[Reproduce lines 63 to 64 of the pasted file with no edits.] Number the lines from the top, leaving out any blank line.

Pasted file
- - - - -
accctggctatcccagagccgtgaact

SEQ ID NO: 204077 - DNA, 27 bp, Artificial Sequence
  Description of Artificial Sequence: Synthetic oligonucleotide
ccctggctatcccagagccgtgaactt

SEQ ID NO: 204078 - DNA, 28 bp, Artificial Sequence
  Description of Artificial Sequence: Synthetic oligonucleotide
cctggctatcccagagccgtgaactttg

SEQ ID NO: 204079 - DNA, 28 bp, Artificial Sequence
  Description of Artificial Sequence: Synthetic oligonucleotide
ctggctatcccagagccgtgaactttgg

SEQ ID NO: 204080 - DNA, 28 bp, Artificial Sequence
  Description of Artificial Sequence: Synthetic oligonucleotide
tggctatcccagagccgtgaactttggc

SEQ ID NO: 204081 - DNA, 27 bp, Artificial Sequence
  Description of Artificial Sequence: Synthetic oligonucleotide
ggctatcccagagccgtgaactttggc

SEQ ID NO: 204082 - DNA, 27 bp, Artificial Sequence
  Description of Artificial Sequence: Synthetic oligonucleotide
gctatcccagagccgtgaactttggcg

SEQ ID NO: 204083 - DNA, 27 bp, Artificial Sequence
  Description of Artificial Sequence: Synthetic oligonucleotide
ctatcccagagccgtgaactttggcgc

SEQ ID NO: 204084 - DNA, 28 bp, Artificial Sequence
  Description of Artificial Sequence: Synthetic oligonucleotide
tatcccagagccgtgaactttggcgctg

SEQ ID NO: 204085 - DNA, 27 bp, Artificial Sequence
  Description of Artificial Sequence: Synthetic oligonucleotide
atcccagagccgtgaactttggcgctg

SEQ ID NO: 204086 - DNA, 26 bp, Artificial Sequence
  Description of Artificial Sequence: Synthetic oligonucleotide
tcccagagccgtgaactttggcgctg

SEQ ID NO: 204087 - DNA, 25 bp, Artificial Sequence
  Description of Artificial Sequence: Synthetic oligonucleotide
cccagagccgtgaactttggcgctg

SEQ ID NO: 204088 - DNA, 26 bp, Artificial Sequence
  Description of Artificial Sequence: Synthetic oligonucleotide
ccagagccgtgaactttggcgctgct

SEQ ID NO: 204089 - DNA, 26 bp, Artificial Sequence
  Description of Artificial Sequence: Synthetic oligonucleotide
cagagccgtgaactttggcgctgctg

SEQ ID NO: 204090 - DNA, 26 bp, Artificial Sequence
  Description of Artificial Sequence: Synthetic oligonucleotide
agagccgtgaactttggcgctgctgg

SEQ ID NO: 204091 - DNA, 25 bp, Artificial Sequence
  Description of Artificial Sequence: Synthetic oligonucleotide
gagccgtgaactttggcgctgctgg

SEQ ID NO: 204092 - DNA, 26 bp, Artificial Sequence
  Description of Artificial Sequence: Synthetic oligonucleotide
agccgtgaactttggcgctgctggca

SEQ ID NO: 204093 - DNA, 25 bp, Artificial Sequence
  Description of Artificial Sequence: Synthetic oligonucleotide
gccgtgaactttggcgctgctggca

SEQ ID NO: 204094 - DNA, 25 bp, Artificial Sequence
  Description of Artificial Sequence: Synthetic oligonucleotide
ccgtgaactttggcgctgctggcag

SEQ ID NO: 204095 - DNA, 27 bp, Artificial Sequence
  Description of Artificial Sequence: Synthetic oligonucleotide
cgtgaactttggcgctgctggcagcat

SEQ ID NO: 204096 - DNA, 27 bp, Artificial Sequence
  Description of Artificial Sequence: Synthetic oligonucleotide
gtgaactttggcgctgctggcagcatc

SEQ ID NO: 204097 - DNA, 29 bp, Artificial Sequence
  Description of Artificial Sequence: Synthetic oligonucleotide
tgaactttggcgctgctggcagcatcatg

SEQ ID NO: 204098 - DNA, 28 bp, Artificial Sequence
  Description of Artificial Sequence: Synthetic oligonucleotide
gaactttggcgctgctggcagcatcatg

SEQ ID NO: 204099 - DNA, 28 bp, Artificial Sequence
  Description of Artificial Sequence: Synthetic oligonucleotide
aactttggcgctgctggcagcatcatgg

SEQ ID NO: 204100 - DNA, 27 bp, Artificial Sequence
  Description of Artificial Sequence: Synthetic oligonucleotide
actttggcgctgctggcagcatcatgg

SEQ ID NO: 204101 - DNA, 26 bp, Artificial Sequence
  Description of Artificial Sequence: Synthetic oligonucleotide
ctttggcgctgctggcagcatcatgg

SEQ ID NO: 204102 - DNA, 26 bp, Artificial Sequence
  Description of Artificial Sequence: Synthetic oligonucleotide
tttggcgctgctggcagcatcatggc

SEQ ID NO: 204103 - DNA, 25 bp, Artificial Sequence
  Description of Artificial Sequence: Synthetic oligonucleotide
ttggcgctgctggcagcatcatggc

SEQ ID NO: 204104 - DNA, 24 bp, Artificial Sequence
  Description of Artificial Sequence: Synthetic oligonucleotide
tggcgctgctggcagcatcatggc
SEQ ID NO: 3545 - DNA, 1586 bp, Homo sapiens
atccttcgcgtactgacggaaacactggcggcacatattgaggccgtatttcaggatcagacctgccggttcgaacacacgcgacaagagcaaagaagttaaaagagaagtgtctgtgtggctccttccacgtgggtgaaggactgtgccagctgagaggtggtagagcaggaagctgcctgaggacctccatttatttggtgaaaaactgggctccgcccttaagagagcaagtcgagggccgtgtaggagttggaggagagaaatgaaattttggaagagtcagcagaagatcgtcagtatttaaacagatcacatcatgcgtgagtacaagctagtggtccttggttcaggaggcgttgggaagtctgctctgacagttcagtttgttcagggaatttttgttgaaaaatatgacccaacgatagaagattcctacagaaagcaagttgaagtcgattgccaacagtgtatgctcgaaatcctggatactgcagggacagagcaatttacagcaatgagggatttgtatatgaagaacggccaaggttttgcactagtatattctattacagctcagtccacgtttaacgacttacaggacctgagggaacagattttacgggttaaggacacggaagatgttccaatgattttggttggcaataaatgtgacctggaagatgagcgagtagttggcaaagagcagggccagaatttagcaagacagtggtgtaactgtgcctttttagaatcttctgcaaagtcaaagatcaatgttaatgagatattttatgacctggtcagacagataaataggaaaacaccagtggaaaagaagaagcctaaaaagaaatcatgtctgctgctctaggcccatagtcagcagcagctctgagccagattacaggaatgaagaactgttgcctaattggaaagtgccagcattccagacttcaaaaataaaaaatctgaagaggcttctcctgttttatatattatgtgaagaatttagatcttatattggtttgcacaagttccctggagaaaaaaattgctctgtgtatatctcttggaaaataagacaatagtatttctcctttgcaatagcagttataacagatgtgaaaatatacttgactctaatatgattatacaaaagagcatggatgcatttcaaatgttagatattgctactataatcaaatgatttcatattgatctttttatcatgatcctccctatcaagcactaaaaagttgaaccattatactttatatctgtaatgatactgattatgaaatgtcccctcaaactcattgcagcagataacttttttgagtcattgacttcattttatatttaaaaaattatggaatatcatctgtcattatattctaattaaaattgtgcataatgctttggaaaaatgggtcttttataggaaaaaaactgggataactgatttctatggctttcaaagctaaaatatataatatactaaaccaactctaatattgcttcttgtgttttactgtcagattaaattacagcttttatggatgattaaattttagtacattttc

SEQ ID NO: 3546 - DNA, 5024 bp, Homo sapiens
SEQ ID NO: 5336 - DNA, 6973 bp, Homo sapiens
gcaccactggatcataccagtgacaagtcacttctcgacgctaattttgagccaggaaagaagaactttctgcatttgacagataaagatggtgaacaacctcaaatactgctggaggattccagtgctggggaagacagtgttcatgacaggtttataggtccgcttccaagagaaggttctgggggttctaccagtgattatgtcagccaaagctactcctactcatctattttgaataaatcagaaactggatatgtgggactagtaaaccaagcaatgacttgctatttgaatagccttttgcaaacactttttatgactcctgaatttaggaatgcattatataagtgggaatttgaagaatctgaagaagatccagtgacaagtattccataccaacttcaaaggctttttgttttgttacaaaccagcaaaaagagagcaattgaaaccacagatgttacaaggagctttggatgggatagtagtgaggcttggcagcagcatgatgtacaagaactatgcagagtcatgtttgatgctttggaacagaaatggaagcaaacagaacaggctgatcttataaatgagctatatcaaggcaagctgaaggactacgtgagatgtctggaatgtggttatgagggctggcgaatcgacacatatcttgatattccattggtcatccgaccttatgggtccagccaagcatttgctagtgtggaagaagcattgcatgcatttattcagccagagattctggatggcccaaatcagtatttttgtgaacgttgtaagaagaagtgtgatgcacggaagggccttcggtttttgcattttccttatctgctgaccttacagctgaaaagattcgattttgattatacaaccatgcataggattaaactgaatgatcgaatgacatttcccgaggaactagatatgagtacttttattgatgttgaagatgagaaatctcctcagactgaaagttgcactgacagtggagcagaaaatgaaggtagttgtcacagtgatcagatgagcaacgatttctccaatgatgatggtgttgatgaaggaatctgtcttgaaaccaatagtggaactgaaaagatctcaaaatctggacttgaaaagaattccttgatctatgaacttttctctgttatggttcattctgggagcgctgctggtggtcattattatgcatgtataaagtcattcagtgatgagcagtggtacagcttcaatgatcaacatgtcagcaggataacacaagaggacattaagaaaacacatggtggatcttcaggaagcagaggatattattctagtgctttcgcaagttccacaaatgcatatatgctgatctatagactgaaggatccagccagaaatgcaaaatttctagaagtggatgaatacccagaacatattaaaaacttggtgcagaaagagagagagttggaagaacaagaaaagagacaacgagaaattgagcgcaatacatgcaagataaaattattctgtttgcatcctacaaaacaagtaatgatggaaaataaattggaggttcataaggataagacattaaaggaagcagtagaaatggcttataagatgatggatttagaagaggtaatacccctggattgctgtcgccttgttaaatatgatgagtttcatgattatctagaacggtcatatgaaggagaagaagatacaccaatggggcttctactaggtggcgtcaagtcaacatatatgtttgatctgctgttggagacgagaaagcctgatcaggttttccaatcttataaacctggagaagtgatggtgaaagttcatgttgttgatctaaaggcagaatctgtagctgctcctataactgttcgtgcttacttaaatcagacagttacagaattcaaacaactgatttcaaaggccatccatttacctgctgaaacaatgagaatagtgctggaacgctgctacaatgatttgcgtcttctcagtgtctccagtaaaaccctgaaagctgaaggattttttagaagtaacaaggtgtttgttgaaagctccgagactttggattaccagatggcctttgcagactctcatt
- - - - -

  Description of Artificial Sequence: Synthetic oligonucleotide
tgaactttggcgctgctggcagcatcatg